D&D General The Greyhawk Pantheon: How Greyhawk Approaches Deities (& Demigods)


Another interesting aspect of Greyhawk gods in Greyhawk is how divorced they are from the religious nations and how this changes over time.

You have the Caliphate of Ekbir, the See of Medegia, The Prelacy of Almor, The Theocracy of the Pale, The Archclericy of Veluna, The Horned Society, and Iuz.

In the original 1980 folio there are no listed gods with the sole exception of Iuz being identified as a Demi-God. Deviltry is identified as the religion of the Horned Society. Which gods are venerated in places such as the Prelacy of Almor though is not defined.

In the 1983 boxed set there are listed gods, but again it is not defined who the religious countries venerate other than Iuz and the society. The Theocracy of the Pale makes no mention of Pholtus of the Blinding Light, that is left for other sources to define and hints about religious intolerance.

In 2e we start to have some references in the core setting books, but not many. In From the Ashes Pholtus is mentioned in the Pale's Entry but nothing for Ekbir. Medegia and Almor were wiped out in the Greyhawk Wars. The Church of Hextor is shown to be huge in the Great Kingdom remnants.

In 3e we have some more mentions like the sidebar in the D&D Gazeteer on Al'Akbar mentioning his faith dominates the culture of the Western Nations and that the Pale "is ruled by a clerical hierarchy in the name of the god, Pholtus."

Of note Al'Akbar did not even merit a mention in the reduced list of deities in the 2e From the Ashes box but is in the WotC late 2e Greyhawk Player's Guide as a Demigod.

In the 3e Living Greyhawk Gazetteer it lists commonly worshipped gods in each Kingdom as part of their gazetteer entry. Also you can see that the Caliph of Ebir is a cleric of Al'Akbar, the canon of Veluna is a cleric of Rao, etc.
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Snarf, what's your problem with Nudizrath, anyway? It's not like the thing's obsessive, and it's aim isn't the best. Besides you didn't start entertaining adventurers thinking it was a safe job, did you?



Crown-Forester (he/him)

Thank you! Seriously.

I wrote a lot (a LOT) about Greyhawk in my earlier essays. And over time, all that writing about why Greyhawk was so awesome and why we needed to have it back really changed the way I thought about Greyhawk.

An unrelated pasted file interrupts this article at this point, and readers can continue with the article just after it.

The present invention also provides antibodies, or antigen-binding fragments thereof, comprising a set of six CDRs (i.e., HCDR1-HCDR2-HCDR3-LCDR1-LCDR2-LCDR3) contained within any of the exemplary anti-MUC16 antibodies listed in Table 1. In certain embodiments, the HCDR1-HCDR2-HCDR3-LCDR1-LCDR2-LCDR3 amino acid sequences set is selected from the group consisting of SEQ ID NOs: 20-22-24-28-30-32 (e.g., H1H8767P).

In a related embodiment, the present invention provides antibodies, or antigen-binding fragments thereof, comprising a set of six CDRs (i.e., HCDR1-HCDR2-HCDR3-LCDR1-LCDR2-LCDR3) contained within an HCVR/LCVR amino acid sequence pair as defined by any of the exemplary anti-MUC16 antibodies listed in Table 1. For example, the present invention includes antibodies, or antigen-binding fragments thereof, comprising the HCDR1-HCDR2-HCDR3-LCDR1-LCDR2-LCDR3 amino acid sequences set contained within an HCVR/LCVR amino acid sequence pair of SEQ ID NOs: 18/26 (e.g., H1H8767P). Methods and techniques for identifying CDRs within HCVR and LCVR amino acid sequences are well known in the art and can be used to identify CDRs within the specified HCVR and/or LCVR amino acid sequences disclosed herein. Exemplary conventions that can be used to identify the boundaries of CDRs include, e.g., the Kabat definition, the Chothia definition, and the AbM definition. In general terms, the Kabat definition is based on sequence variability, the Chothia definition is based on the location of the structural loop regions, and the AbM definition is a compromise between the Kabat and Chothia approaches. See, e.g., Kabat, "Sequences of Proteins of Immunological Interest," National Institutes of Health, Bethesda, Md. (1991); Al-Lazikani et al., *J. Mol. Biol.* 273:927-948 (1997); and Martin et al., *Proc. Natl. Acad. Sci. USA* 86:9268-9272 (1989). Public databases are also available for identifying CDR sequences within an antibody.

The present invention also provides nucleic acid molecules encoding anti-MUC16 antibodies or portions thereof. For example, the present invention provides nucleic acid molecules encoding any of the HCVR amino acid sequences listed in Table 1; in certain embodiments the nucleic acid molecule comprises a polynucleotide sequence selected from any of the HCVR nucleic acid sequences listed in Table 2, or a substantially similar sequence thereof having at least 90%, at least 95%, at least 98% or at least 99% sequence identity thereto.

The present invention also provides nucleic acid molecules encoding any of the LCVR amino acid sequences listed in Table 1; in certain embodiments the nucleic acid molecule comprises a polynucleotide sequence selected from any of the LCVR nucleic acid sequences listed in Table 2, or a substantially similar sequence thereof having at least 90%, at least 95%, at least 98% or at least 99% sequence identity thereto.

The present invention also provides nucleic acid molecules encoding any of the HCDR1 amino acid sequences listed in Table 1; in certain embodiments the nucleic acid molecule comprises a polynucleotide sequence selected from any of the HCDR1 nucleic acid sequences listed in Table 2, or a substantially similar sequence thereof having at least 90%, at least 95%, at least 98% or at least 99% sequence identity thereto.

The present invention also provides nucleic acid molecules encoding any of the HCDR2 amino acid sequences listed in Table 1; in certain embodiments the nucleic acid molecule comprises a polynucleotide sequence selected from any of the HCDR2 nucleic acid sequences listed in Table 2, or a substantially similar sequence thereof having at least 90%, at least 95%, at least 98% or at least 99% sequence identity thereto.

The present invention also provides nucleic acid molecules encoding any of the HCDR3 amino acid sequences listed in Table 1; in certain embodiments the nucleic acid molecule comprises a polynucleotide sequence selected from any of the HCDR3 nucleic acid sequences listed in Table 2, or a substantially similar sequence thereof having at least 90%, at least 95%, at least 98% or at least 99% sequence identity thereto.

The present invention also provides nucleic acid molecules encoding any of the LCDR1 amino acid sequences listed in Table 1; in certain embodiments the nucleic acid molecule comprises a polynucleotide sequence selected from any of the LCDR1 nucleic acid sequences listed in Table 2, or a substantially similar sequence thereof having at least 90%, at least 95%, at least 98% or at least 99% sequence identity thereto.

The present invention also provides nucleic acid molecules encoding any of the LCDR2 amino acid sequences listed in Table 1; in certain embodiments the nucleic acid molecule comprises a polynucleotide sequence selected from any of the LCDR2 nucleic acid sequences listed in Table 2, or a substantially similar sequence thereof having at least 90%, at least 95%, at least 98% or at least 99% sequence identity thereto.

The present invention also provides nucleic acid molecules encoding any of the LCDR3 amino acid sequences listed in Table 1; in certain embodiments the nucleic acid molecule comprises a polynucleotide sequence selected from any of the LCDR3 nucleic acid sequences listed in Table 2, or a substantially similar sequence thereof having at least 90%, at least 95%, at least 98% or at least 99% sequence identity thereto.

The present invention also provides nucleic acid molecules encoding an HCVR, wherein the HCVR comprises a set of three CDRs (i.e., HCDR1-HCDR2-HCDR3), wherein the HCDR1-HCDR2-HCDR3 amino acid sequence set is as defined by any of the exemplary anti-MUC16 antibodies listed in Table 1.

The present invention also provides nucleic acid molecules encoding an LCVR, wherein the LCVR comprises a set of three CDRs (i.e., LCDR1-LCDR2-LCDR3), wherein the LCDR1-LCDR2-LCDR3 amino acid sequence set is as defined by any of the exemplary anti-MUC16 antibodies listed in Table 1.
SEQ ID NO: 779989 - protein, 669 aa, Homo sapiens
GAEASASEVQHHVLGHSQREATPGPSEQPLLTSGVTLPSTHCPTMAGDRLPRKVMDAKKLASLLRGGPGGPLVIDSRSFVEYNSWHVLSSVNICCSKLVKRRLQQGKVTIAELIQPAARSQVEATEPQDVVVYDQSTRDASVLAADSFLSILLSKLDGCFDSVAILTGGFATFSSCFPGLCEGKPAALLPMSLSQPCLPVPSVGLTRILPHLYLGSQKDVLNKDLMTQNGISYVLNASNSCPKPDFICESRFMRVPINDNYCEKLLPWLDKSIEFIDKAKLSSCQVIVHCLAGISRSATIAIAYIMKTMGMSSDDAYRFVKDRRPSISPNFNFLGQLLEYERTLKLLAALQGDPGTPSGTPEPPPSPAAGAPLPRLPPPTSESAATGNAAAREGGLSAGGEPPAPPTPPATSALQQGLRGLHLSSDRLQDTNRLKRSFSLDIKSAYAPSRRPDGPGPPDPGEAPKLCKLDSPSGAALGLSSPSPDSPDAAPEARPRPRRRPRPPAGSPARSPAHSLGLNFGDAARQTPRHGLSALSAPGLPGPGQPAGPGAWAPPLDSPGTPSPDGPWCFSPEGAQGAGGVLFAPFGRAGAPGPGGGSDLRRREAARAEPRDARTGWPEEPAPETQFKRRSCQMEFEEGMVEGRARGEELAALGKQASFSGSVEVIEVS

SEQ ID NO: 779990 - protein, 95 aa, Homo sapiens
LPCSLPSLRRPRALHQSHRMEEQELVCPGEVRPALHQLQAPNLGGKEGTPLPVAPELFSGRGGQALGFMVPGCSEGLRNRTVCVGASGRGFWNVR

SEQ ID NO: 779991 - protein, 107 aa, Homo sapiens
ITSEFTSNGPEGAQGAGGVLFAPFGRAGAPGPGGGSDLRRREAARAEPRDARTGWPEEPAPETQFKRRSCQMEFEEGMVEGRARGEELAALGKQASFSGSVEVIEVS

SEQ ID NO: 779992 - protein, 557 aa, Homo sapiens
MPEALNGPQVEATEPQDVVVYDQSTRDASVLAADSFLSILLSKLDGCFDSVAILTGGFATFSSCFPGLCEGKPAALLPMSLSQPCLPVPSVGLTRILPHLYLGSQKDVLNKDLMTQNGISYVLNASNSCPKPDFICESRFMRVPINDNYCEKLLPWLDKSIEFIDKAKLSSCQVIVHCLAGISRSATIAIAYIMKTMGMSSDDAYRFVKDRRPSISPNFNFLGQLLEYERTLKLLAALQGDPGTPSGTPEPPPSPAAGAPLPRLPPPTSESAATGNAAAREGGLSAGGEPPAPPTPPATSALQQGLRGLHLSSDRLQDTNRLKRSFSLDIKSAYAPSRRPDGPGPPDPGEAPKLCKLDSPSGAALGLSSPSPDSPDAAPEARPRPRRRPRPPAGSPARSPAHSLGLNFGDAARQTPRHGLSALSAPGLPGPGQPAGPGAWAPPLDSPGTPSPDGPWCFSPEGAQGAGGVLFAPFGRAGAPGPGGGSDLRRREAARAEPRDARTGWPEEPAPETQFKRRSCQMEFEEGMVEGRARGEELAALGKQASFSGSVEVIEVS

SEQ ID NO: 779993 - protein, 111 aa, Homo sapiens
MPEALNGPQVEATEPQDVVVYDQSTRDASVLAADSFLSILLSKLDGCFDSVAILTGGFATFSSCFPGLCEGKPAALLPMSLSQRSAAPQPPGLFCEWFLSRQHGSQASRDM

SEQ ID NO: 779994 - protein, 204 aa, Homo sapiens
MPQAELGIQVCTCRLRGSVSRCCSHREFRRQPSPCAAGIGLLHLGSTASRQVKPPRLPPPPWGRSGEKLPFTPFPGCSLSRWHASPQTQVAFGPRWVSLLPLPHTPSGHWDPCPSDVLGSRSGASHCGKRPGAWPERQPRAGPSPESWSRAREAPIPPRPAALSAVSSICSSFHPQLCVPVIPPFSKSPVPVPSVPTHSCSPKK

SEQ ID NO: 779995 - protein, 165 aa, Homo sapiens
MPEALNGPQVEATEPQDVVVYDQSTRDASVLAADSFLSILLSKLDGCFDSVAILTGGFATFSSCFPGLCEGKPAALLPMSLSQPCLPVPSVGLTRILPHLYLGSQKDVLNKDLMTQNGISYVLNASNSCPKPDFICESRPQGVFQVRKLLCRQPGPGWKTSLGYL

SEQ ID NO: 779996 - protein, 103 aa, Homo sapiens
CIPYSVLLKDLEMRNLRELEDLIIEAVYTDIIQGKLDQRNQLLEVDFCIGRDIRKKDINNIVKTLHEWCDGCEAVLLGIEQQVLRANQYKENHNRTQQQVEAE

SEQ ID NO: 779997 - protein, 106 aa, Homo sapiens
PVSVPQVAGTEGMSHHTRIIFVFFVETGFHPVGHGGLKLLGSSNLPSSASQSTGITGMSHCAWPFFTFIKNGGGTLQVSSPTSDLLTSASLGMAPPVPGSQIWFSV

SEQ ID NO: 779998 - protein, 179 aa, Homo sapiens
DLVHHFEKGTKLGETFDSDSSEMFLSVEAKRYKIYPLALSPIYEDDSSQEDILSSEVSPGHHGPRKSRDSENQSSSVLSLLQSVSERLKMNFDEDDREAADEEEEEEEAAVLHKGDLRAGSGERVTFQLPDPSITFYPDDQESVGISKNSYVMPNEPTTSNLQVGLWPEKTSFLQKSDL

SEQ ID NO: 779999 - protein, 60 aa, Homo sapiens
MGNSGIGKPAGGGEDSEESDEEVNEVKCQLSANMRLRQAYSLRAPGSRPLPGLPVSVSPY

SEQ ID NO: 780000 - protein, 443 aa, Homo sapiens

Over time, I realized that what made Greyhawk so awesome for me wasn't the way it had certain elements of "old school" play, or sword & sorcery, or "muscular neutrality," or ... a lot of the things that I assumed were hard-baked into the setting at the time.

It was that Greyhawk was so open-ended. That it was a campaign setting that people really made their own. That it was evocative (filled with empty spaces, and areas "off the map," and ancient destroyed civilizations) but not prescriptive.*

And that's what I want for everyone else. Don't play Greyhawk like I did. Make the Greyhawk that you want! If you find some of this stuff (like the pantheons, and the blurred like with divinity) helpful ... cool! If not, I know that you'll have something that you will find equally amazing and magical.

*As a reminder, the WoG 1983 boxed set was written by an "unreliable narrator." Which means that even though it is mostly rumors and adventure hooks, even the things within it can't be taken as absolutely true.
This is very interesting, because it's essentially the same philosophy as PoLand / Nerath / Nentir Vale campaigns – take the rough sketches and make it completely your own. They divorced it from Greyhawk but included classic modules in the game world depicted on the map from Conquest of Nerath because they wanted it to be truly flexible in mining D&D's past without being beholden to any sort of a "canon history of Oerth, Castle Greyhawk, and the surrounding lands and Great Powers." Same thing with the Dawn War Pantheon - they wanted to break the wheel of assumptions.

I think people try to say the same thing about making the Realms your own thing, but when the content keeps getting churned out that advances the plane based on "living Forgotten Realms" Adventurer's League modules, then it doesn't feel like your own. This was the problem with Greyhawk in 3e - it was "Living Greyhawk."

D&D works best when you can take the campaign and modules and make them your own rather than being part of a larger universe, you just don't know it yet.

Voidrunner's Codex

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